A teenager in Ukraine has unexpectedly helped scientists in Victoria, B.C., make a rare discovery.
Earlier this month, Kirill Dudko, 14, was watching a live stream of cameras on the ocean floor when he saw something unusual — a female elephant seal eating a hagfish.
Researcher Kim Juniper says an email from the teen in Donetsk, Ukraine, caused a flurry of excitement.
“Monday morning we had an email from him saying, ‘I saw something strange and weird. Some monster just ate a fish in front of me. What was it?’ And that sent all of us into a bit of a flurry to back this up."
Juniper says it's the first time a seal has ever been recorded eating a hagfish, a creature so slimy other predators spit them out.
Dudko doesn't speak much English, and he was up past his bed time on a school night to explain the story with help from his mother Svetlana.
"I'm very proud of my son,” she told CBC News.
The researchers at Neptune Canada — a research project that links an 800-kilometre network of instruments on the ocean floor off Vancouver Island directly to the internet — are also proud of Dudko and are grateful for the boost he's given to citizen science.
“Really this is going to be a life-changing experience for this young man, who only in the last few months has developed this interest in marine biology and now he's off and running,” Juniper said.
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The antechinus, a mouse-like marsupial, is polygamous. Each antechinus female will mate with several males in a breeding season, with the result that a single antechinus litter has several fathers. The antechinus mating ritual is long and exhausting with copulation lasting up to twelve hours. In fact, following the breeding season, there is complete die-off of the physiologically exhausted males of the group.
Dolphins are known for their playful nature and happy dispositions. It's no wonder they're so cheerful; they mate several times a day. Although the reproductive act is short, dolphins also engage in a variety of sexual behaviors simply for pleasure. Dolphins have hetero and homosexual partners and will sometimes behave sexually towards other whale and dolphin sub-species, resulting in fertile hybrids like the Wolphin. Occasionally, dolphins behave sexually towards other animals, including human beings.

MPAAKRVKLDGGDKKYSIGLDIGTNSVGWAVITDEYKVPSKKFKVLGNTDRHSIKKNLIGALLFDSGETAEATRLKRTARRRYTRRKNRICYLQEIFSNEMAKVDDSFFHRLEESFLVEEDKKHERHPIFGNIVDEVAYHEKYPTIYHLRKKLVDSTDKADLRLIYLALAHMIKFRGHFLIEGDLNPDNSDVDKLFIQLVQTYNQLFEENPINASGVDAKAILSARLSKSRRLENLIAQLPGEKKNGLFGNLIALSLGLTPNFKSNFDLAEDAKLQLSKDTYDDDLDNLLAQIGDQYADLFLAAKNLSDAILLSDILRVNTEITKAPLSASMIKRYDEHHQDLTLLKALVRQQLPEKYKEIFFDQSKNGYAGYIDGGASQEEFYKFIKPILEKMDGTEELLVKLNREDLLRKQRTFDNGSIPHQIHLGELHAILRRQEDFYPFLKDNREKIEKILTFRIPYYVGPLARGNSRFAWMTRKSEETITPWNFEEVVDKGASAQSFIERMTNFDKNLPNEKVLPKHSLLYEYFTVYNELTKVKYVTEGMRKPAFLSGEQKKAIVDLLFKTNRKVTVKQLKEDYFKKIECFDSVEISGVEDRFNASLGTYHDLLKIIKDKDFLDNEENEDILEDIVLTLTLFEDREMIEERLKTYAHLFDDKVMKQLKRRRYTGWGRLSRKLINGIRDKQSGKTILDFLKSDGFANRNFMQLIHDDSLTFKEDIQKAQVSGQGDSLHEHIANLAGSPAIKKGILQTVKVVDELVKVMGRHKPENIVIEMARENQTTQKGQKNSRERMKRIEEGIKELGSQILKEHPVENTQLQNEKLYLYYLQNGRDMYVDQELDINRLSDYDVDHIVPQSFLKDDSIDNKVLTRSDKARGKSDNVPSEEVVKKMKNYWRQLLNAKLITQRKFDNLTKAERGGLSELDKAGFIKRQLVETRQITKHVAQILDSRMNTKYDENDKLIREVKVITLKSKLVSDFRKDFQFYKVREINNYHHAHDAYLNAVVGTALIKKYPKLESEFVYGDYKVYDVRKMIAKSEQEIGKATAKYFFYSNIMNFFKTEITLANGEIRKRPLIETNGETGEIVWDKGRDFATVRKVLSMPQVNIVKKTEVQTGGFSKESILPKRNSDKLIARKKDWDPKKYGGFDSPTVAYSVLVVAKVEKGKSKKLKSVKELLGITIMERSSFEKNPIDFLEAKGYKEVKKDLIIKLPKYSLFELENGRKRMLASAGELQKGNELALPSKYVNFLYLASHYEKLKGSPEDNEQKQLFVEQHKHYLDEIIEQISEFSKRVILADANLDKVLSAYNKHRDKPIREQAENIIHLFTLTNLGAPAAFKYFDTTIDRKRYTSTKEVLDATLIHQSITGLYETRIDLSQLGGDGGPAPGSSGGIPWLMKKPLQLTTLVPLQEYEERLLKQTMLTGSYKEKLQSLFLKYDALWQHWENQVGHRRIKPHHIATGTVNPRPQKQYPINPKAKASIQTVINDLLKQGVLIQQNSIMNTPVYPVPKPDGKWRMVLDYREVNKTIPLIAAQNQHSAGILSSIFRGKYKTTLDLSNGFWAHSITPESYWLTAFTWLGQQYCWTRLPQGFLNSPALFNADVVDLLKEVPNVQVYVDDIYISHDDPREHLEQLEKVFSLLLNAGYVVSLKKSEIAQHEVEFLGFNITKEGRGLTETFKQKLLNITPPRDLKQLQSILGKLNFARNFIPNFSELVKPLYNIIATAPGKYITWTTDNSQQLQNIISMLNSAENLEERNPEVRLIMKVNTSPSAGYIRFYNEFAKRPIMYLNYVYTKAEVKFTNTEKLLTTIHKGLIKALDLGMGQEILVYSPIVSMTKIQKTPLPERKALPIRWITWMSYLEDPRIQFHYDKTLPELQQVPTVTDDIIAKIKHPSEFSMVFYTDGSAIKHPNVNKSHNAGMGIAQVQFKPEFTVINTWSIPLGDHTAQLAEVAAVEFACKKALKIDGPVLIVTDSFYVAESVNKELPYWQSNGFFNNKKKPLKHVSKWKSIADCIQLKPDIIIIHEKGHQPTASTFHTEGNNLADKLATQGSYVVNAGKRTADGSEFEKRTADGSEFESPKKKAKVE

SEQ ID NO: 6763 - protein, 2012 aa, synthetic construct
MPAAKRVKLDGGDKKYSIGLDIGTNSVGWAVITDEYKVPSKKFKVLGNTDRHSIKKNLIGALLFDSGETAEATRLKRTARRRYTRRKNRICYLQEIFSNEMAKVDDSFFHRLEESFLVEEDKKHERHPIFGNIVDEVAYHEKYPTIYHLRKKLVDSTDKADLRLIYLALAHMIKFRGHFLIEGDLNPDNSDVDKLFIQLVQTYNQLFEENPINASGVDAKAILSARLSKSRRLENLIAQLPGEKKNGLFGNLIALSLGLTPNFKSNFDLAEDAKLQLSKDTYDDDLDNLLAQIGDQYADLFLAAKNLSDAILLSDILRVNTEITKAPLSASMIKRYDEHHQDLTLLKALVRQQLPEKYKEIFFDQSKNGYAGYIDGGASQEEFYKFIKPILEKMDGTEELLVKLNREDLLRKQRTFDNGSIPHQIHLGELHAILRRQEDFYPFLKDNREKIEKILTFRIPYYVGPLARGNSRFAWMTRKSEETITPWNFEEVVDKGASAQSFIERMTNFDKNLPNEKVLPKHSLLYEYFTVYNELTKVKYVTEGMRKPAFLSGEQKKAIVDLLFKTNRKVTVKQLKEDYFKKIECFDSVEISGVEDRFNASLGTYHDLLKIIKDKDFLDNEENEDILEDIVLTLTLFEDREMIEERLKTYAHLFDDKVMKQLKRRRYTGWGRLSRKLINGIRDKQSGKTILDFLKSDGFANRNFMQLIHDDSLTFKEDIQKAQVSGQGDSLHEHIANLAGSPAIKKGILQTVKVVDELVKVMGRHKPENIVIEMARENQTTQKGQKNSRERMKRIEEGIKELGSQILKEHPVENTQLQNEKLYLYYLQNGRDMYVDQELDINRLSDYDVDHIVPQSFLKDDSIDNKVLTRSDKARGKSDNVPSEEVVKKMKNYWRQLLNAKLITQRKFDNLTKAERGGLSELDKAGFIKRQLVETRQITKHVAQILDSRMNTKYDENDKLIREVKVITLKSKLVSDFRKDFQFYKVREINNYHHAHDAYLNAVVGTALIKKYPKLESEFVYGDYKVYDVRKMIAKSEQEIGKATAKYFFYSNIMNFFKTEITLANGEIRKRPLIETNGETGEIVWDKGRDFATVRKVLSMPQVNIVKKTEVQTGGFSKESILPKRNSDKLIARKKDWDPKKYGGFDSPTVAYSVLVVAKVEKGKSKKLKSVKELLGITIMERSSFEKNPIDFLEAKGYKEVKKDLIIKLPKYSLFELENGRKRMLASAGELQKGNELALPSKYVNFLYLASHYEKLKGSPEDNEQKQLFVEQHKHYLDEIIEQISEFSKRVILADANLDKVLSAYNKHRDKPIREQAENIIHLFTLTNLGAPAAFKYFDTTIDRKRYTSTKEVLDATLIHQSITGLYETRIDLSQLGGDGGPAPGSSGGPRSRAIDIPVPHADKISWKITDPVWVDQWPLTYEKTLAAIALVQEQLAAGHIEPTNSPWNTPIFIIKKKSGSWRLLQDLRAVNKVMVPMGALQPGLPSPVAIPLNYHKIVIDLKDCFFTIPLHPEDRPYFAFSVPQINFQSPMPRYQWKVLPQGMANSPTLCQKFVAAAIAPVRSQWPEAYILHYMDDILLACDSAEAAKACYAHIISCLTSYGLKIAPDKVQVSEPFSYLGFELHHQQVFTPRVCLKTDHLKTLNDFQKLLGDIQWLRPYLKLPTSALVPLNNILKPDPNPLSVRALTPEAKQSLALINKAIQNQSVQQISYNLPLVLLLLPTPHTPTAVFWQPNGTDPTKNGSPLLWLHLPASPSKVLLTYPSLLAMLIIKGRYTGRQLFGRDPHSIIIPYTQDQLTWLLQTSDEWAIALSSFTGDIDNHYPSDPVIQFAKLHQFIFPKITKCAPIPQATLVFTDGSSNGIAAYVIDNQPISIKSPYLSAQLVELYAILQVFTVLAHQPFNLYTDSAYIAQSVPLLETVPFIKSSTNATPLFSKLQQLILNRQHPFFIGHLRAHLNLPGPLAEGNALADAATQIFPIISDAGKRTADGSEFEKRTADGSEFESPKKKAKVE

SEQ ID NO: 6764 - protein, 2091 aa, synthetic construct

Queen Honey Bee
The queen bee in a honey bee hive is encouraged to be as promiscuous as possible. During a single mating flight, a queen bee can mate with up to forty drones. The more sexual partners a queen has, the more attractive she is to the worker bees that keep her hive running.
Don't let those innocent faces fool you, rabbits are notorious for their vigorous and indiscriminate breeding. Female rabbits often breed with several males during one mating season. A rabbit's gestation period is only 30 days, so they may breed several times in one year, copulating with different partners each time.
Northern Elephant Seal
Male elephant seals are extremely aggressive towards one another, fighting to become "beach masters." A beach master protects a harem of 30-100 female elephant seals and, in turn, mates with as many of the females as possible. A successful male can impregnate up to 50 females in single mating season and sire over 500 pups in a lifetime.
Eastern Garter Snake
Unlike most snakes, the female Eastern Garter Snake does not lay eggs, but rather gives birth to live young. Breeding is competitive. Sometimes, if several males find a female at the same time, the entire company forms a "breeding ball," the snake equivalent of an orgy. The snakes wrap around one another in an attempt to mate.
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